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Question What do you cover your work tables with?

Discussion in 'The Grumble' started by Verdaccio, May 19, 2016.

  1. Verdaccio

    Verdaccio MGF, Master Grumble Framer

    I am using scrap mat board that I replace every 6 months or so...but I thought I would poll people to see what you cover/protect your work tables with?

    Anyone using that sort of short carpet? What do you think of it as a work surface?

    What do you use? :)
  2. Verdaccio

    Verdaccio MGF, Master Grumble Framer

    I did an expanded search on this topic using a search term like "carpet" over "work table" and found some good answers, but if anyone wants to weigh in, please do! :)
  3. framestudio

    framestudio CGF II, Certified Grumble Framer Level 2

    I used batting covered with cotton duck fabric. I use a piece of kraft paper once the frames have puddy for final fitting.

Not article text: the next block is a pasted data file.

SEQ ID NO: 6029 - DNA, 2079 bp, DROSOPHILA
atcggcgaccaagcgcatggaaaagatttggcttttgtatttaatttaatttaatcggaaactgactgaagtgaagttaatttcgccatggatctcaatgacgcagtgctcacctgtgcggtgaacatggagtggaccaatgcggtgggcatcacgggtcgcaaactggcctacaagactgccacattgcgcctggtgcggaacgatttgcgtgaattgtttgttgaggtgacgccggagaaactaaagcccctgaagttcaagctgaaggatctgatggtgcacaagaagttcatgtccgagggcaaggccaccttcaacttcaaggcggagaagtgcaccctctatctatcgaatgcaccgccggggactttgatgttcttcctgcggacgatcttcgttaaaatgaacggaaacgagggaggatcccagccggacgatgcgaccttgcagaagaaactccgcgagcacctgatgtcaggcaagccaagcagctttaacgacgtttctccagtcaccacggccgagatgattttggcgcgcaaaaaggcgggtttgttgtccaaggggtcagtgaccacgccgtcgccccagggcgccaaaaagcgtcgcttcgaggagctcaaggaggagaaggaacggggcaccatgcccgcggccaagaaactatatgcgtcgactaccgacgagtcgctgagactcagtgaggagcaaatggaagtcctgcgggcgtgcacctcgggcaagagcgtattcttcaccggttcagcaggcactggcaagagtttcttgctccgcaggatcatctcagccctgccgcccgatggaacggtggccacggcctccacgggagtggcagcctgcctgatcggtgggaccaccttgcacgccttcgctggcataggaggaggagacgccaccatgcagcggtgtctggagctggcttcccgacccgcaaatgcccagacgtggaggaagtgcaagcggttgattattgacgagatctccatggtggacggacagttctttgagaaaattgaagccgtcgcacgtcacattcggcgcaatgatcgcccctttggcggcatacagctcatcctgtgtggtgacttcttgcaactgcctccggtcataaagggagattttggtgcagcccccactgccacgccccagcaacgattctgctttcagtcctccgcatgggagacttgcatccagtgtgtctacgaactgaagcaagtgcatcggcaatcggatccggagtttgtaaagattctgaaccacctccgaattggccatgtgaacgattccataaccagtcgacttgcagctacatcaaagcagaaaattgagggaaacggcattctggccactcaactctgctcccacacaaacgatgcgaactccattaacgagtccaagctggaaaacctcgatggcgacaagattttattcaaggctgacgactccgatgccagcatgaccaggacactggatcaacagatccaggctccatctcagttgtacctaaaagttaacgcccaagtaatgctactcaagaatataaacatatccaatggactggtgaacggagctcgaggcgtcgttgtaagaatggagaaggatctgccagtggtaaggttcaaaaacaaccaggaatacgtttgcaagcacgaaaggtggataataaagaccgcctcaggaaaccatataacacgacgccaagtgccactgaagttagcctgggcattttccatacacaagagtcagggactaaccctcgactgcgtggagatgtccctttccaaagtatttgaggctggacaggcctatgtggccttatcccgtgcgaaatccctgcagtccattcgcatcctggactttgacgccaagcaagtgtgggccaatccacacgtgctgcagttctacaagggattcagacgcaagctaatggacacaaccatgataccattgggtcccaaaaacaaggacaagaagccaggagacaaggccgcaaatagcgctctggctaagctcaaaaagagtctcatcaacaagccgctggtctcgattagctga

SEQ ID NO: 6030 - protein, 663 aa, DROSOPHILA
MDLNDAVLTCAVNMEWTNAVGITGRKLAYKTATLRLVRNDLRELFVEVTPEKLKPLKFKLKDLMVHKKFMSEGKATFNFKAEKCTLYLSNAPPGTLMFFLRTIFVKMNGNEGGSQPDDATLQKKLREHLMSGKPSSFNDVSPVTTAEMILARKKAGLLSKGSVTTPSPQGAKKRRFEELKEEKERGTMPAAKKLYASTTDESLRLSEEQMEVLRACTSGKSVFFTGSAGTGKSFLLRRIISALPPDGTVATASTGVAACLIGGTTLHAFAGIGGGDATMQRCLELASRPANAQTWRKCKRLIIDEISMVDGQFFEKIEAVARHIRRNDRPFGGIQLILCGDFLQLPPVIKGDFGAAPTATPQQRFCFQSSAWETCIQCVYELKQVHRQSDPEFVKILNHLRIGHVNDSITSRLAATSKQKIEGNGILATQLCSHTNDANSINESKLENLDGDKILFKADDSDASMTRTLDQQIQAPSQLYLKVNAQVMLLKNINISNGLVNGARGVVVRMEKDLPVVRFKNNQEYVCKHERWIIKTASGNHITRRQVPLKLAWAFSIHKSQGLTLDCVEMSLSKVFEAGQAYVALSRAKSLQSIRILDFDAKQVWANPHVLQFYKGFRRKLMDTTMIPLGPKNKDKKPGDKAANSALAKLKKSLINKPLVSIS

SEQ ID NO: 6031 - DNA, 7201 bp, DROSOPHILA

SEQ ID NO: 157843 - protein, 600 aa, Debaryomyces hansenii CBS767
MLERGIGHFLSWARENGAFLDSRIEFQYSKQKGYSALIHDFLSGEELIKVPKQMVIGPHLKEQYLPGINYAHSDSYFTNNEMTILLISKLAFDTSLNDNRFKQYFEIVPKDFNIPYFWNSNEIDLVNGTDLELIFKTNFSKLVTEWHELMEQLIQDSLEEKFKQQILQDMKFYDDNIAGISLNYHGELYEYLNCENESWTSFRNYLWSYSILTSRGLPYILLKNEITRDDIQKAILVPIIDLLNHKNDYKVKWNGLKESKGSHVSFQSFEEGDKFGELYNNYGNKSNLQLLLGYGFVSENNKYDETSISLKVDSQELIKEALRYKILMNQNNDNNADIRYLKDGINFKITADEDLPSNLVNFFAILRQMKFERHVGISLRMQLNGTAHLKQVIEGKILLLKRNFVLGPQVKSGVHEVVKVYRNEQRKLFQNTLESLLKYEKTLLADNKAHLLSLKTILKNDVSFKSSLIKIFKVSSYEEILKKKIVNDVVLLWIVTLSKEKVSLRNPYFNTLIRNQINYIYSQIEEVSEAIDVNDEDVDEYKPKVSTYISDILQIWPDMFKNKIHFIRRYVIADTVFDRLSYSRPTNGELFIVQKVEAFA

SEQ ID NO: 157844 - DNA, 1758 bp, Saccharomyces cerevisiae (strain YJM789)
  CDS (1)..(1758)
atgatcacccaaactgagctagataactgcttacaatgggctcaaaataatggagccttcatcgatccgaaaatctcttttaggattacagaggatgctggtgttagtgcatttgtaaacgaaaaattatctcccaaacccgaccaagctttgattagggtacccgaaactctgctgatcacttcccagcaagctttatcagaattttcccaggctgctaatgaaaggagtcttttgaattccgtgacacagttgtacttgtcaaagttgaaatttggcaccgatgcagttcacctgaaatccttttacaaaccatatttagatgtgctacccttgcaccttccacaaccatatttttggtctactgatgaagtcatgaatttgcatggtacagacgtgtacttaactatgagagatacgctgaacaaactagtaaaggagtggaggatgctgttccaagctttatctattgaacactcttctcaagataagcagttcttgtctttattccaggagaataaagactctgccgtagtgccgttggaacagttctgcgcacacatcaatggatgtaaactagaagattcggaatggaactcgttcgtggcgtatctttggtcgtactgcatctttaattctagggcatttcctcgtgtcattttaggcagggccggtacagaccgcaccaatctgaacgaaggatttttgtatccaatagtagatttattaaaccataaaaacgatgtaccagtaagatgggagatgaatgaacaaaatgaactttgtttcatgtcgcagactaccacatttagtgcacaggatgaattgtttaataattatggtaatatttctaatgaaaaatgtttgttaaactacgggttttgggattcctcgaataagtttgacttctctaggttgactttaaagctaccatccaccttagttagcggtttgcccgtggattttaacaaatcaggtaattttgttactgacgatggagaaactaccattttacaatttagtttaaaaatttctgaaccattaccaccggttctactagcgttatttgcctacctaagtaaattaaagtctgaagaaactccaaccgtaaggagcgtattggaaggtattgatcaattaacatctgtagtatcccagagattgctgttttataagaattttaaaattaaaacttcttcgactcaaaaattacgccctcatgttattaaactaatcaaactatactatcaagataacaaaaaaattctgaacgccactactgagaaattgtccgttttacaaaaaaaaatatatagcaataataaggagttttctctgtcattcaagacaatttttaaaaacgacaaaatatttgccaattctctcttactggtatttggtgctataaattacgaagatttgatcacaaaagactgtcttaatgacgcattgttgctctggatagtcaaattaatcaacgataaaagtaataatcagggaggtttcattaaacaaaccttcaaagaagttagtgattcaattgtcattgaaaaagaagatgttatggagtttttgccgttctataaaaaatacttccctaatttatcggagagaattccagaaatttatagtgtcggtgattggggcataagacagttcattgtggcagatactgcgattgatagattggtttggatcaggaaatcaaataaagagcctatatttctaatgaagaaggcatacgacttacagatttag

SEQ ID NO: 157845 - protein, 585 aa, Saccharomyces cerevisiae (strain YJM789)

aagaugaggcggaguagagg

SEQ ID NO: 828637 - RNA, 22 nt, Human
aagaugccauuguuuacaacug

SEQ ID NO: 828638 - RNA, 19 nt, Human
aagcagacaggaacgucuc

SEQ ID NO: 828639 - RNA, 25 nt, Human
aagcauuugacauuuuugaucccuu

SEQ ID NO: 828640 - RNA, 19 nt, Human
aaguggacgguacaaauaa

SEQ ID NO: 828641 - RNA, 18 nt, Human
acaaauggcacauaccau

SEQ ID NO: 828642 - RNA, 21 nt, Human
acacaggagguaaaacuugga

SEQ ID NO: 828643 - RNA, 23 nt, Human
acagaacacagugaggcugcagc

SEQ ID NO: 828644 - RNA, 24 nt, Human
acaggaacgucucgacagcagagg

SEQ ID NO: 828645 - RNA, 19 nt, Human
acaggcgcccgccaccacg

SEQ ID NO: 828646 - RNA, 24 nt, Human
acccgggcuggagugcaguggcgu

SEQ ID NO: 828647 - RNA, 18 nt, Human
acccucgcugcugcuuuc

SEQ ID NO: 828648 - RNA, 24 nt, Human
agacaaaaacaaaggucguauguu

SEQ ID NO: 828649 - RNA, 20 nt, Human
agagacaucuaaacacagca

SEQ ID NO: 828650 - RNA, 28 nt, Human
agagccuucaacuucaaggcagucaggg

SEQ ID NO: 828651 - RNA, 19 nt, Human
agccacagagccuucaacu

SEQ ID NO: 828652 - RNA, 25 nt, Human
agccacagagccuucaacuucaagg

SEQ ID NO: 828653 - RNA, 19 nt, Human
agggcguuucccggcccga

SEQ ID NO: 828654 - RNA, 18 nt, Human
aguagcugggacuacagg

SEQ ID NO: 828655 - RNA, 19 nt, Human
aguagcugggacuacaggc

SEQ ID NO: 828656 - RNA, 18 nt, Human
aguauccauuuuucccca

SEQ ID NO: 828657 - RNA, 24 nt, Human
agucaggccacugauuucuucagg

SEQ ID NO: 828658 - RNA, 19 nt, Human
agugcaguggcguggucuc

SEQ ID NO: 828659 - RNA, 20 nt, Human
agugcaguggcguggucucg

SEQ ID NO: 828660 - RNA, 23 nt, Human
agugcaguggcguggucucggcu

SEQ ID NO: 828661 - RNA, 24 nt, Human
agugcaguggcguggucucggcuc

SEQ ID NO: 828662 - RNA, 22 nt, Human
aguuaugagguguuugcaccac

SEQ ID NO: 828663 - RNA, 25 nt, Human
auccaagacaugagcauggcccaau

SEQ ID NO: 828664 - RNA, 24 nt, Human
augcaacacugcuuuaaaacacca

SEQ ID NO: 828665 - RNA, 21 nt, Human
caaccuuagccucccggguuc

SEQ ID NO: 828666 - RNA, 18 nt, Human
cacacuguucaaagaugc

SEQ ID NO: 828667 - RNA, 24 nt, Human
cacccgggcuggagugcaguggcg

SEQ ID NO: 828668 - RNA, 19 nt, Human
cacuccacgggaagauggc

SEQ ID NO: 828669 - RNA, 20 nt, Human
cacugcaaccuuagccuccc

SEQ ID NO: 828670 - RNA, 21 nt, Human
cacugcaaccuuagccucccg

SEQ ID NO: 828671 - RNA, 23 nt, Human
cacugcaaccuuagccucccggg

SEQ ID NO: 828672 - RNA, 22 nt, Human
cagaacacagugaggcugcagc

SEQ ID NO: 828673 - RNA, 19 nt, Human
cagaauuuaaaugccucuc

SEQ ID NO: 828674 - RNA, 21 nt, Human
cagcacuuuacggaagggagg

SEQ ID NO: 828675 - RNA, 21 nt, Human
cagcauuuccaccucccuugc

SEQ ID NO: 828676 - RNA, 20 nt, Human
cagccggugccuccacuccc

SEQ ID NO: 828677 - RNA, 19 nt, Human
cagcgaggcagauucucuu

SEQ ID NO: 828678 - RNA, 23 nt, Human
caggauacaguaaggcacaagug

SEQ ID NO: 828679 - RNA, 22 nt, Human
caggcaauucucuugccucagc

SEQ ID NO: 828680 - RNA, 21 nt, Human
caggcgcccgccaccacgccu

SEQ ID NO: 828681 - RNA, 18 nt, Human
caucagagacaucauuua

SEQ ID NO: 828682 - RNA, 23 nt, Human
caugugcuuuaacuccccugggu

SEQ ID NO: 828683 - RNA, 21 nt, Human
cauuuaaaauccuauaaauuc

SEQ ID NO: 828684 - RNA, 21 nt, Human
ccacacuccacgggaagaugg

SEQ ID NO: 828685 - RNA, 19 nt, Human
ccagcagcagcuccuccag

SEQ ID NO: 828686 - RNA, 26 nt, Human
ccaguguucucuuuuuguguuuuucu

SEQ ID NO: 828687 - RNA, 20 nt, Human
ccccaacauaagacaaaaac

It gets changed out twice a year. I have more trouble with slicing it with a razor blade then getting to dirty.
  4. echavez123

    echavez123 MGF, Master Grumble Framer

    Using a sheet of Coroplast taped down at edges of table, then throwing a blanket (Goodwill) on top to protect frames during assembly. Every once in a while, the blanket with Trout fish design gets replaced with a Michael Jordan Space Jam blanket to add a little variety you know.
    Chris Chewning, FM Framer and shayla like this.
  5. Larry Peterson

    Larry Peterson PFG, Picture Framing God

    Short nap carpet for me. I can slide frames round without worrying about damage and cut things on it. I use cheap low nap carpet. I replace it every few years and staple it on the sides of the table. I vacuum it every so often or when it needs it. I have never damaged a frame front. When I do buy a new piece, I usually get A 6x9 remnant. I'm sure how you folks that use mat board, Sinatra or other hard surfaced board can work on a frame without marring the finish.

    At any time, I can have from 2-14 (about the limit for my 2 4x8 tables) frames in progress on my two fitting tables so I'm not a fan of placing individual pieces of felt or other soft materiel under each frame. Covering the entire table works best for me
    prospero likes this.
  6. Al B

    Al B CGF II, Certified Grumble Framer Level 2

    indoor/outdoor carpet on the table covered with old sheet - wash the sheet when needed
  7. skye

    skye MGF, Master Grumble Framer